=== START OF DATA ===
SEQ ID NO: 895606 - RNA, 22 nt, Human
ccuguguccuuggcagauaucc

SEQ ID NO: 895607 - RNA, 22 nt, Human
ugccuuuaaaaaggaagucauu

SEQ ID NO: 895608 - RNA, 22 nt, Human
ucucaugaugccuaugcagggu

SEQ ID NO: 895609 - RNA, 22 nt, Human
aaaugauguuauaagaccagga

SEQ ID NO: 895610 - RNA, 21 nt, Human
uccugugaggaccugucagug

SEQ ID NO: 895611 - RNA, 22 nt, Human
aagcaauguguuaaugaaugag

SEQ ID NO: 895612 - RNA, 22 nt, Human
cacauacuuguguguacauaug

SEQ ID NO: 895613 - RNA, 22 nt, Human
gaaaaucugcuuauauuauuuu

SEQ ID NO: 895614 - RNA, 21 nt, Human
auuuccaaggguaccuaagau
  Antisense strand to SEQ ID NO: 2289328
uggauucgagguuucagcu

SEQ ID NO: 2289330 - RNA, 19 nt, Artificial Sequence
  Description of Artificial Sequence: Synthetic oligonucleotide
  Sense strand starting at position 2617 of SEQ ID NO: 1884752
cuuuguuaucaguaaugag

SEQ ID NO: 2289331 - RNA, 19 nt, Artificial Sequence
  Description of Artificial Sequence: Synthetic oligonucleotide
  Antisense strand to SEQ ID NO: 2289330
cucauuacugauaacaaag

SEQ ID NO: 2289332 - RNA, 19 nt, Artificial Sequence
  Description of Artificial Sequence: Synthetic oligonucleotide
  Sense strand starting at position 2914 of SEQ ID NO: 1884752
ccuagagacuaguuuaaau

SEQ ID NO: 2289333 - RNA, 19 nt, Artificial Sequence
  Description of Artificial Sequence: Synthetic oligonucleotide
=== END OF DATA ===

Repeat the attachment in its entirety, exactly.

SEQ ID NO: 895606 - RNA, 22 nt, Human
ccuguguccuuggcagauaucc

SEQ ID NO: 895607 - RNA, 22 nt, Human
ugccuuuaaaaaggaagucauu

SEQ ID NO: 895608 - RNA, 22 nt, Human
ucucaugaugccuaugcagggu

SEQ ID NO: 895609 - RNA, 22 nt, Human
aaaugauguuauaagaccagga

SEQ ID NO: 895610 - RNA, 21 nt, Human
uccugugaggaccugucagug

SEQ ID NO: 895611 - RNA, 22 nt, Human
aagcaauguguuaaugaaugag

SEQ ID NO: 895612 - RNA, 22 nt, Human
cacauacuuguguguacauaug

SEQ ID NO: 895613 - RNA, 22 nt, Human
gaaaaucugcuuauauuauuuu

SEQ ID NO: 895614 - RNA, 21 nt, Human
auuuccaaggguaccuaagau
  Antisense strand to SEQ ID NO: 2289328
uggauucgagguuucagcu

SEQ ID NO: 2289330 - RNA, 19 nt, Artificial Sequence
  Description of Artificial Sequence: Synthetic oligonucleotide
  Sense strand starting at position 2617 of SEQ ID NO: 1884752
cuuuguuaucaguaaugag

SEQ ID NO: 2289331 - RNA, 19 nt, Artificial Sequence
  Description of Artificial Sequence: Synthetic oligonucleotide
  Antisense strand to SEQ ID NO: 2289330
cucauuacugauaacaaag

SEQ ID NO: 2289332 - RNA, 19 nt, Artificial Sequence
  Description of Artificial Sequence: Synthetic oligonucleotide
  Sense strand starting at position 2914 of SEQ ID NO: 1884752
ccuagagacuaguuuaaau

SEQ ID NO: 2289333 - RNA, 19 nt, Artificial Sequence
  Description of Artificial Sequence: Synthetic oligonucleotide